[0093] Substantially symmetrically relative to the hub plate 38 and substantially above and around the hub casing 14, another half of a spherical laminated thrust bearing (not shown in FIG. 12) may be attached to the hub by its outer member and to the mast 7 by its inner member, being centred, as is the lower half of a spherical laminated thrust bearing 45, on the intersection of the diametral axes X-X and Y-Y and of the axis Z-Z, so that these two halves of a spherical laminated thrust bearing contribute in addition to transmitting to the mast 7 the lift and the coplanar loads which are developed in the rotor.

[0094] As a variant, the mast 7 may be made integral in rotation with the inner member 46 of the or each spherical half of a laminated thrust bearing by axial splines, or by any other equivalent means.

[0095] The second example of a three-bladed rotor with constant velocity drive in FIGS. 6 to 11 differs mainly from that in FIGS. 3 to 5 by the fact that the flexibility provided, in the example in FIGS. 3 to 5, by the radial and axial flexibility of the laminated bearings and laminated ball joints, in order to permit a small relative angular deflection of the two gimbals 10 and 11, is provided by two coaxial torsion tubes arranged one inside the other, made integral in rotation by a base linked to a drive shaft, and such that each respectively of the two gimbals is mounted so as to pivot about one respectively of the two diametral axes X-X and Y-Y on one respectively of the two torsion tubes.

[0096] In FIGS. 6 and 7, the rotor mast 51, or the part of the latter which drives the hub in rotation, comprises two torsion tubes 52 and 53, coaxial about the axis Z-Z of rotation of the mast 51 and arranged one 53 inside the other 52, these two tubes 52 and 53 comprising, at their base, external radial flanges 54 and 55 by which the bases of the tubes 52 and 53 are made integral in rotation about the axis Z-Z by a ring of bolts 56 at the same time attaching the tubes 52 and 53 by their flanges 54 and 55 to a drive shaft 57.

[0097] The outer torsion tube 52 is shown in FIGS. 8 and 9 in axial section through two planes perpendicular to each other, and this tube 52 supports at its axial end opposite the flange 54, two drive end fittings 58 a and 58 b, cylindrical, hollowed out, coaxial and axisymmetric about one, for example Y-Y, of the two perpendicular diametral axes of the mast 51, and diametrically opposite projecting radially towards the outside, and in one piece with the tube 52, so that the end fittings 58a and 58b constitute a first diametral drive arm of the mast 51. The outer tube 52 also has, between these end fittings 58 a and 58 b, two cut-away portions 59 a and 59 b, substantially semi-circular, through which run the other two drive end fittings 60 a and 60 b, similar to the end fittings 58 a and 58 b in that they are cylindrical of circular cross-section, diametrically opposite, coaxial, and axisymmetric about a second diametral axis, for example X-X, of the mast 51. These two end fittings 60 a and 60 b constitute the second diametral drive arm of the device, and are diametrically opposite projecting radially towards the outside, and in one piece with the base of a sleeve 61, comprising internal axial splines 62 which engage with external axial splines 63 of the axial end part 64 of the inner tube 53, at the end opposite its base 55, and on which the sleeve 61 is axially engaged and secured, thus being integral in rotation with this part 64 of the inner tube 53 about the axis Z-Z, by a nut 65 screwed onto the threaded end of this part 64.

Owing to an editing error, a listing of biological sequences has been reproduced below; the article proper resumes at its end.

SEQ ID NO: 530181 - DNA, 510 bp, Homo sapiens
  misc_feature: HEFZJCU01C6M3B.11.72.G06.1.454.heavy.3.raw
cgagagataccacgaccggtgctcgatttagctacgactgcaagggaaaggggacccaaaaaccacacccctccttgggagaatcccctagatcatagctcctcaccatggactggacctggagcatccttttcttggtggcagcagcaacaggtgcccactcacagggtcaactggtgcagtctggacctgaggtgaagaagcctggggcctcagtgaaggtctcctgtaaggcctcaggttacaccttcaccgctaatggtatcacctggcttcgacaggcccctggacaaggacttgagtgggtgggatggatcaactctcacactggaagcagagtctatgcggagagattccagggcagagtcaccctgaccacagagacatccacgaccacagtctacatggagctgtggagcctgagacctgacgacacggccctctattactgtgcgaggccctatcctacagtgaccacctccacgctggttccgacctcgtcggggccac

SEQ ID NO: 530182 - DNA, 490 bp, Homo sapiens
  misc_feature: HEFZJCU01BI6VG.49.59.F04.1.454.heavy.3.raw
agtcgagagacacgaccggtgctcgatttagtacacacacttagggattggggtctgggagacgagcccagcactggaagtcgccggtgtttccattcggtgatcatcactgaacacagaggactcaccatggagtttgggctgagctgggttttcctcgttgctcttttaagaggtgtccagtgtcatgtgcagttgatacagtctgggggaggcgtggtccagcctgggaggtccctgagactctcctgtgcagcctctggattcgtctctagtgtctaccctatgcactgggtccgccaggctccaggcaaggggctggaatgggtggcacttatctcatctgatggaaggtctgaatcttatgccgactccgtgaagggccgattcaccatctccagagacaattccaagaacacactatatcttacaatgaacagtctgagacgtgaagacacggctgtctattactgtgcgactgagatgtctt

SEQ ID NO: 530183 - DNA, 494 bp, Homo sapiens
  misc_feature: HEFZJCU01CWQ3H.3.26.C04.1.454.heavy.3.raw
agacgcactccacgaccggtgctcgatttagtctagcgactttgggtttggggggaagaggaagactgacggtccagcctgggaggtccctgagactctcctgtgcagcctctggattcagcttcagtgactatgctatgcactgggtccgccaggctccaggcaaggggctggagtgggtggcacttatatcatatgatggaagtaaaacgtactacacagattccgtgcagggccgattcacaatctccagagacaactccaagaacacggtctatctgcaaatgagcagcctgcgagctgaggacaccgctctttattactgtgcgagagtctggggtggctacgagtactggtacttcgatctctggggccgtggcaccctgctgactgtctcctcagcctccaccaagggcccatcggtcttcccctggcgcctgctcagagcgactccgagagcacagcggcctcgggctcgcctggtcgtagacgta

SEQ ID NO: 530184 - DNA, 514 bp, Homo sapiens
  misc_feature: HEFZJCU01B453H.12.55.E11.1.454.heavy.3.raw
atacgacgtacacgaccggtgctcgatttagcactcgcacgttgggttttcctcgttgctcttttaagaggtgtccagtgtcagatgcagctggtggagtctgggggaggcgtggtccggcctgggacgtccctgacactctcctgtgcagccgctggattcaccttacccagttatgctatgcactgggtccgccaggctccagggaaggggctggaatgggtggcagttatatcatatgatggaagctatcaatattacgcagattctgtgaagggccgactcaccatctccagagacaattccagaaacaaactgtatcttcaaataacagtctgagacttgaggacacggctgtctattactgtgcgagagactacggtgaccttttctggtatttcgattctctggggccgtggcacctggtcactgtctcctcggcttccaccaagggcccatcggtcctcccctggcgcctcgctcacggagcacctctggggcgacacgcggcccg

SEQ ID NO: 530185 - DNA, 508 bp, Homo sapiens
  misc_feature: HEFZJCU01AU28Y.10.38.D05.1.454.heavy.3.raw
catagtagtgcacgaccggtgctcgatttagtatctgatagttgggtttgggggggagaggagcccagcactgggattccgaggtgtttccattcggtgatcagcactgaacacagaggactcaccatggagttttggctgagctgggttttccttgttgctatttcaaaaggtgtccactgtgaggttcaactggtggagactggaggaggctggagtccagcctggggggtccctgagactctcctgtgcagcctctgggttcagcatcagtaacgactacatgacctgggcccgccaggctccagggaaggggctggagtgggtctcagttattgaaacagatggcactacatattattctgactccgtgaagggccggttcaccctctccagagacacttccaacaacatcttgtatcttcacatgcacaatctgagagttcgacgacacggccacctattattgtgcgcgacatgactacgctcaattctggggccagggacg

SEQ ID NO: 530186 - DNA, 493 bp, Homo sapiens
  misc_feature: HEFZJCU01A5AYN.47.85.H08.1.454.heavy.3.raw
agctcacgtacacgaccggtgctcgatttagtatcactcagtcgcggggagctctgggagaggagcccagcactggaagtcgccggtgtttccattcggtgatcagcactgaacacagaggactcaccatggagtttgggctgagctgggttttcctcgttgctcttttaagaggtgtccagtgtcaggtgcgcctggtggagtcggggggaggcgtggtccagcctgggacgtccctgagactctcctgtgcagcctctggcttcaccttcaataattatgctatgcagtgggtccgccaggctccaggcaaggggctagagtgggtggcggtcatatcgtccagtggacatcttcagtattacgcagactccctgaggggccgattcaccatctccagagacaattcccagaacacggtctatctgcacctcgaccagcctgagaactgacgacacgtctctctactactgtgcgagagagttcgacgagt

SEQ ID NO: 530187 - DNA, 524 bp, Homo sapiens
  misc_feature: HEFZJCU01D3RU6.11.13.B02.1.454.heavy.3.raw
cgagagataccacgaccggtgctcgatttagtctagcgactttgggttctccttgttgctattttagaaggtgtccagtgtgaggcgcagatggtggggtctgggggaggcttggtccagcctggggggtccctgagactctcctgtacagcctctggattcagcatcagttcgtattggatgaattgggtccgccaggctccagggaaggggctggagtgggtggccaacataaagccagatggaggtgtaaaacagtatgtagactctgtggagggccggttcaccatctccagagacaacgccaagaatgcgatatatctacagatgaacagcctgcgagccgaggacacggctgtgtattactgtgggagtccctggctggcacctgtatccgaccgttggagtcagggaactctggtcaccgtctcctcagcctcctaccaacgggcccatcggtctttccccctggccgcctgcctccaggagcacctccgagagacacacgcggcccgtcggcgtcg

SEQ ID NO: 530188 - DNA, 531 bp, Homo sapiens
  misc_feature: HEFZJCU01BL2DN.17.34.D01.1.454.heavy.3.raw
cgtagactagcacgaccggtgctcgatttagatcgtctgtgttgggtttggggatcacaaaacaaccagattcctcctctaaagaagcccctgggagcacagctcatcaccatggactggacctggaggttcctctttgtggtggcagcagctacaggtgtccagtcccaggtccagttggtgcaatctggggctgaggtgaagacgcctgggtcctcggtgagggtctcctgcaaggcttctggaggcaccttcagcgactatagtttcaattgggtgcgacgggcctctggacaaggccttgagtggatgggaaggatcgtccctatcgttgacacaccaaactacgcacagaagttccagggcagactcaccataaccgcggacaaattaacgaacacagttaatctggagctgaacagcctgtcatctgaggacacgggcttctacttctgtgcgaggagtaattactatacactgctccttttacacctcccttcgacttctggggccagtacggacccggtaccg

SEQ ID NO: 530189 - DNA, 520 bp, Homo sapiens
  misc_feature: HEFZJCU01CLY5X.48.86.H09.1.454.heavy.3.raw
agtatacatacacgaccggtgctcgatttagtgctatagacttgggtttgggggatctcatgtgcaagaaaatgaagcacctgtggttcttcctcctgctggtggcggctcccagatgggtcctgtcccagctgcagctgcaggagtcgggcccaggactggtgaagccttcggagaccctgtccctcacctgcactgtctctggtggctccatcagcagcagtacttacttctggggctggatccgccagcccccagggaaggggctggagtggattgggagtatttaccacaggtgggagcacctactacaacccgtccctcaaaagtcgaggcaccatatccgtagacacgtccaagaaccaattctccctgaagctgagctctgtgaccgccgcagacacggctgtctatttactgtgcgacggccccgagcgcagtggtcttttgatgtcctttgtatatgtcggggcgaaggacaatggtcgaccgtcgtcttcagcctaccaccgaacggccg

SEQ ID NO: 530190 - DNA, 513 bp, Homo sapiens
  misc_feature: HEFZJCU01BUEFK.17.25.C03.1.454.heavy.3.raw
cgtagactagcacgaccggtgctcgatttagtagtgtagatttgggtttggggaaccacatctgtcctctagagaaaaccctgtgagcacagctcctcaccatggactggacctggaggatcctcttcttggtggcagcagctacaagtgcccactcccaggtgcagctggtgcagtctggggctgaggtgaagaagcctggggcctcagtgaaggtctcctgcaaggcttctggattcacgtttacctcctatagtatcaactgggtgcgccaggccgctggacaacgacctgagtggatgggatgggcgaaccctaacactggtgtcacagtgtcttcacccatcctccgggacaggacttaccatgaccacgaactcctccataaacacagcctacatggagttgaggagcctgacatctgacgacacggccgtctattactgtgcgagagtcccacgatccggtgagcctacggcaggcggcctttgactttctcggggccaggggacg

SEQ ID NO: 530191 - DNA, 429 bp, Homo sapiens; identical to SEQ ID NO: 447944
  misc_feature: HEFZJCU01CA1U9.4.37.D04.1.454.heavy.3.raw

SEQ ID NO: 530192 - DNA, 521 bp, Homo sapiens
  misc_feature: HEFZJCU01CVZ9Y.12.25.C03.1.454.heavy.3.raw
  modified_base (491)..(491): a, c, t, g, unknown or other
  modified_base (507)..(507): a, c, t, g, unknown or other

[0098] As in the example in FIGS. 3 to 5, a first gimbal 66 is mounted so as to pivot about the diametral axis X-X defined by the drive end fittings 60 a and 60 b of the sleeve 61 on the inner torsion tube 53, by two truncated cone-shaped laminated bearings 68 a and 68 b, and in a similar manner, a second gimbal 67 is mounted so as to pivot about the other diametral axis Y-Y, defined by the drive end fittings 58 a and 58 b of the outer torsion tube 52, by two other truncated cone-shaped laminated bearings 69 a and 69 b.

[0099] These truncated cone-shaped laminated bearings 68 a, 68 b and 69 a, 69 b are identical to each other, have the same radial rigidity, and each comprise an inner annular member 70, fitted around the corresponding end fitting 58 a, 58 b or 60 a, 60 b, and their outer annular member 71 is engaged in a corresponding coaxial cylindrical bore in the corresponding gimbal 66 or 67 to which this outer member 71 is attached by screws 72.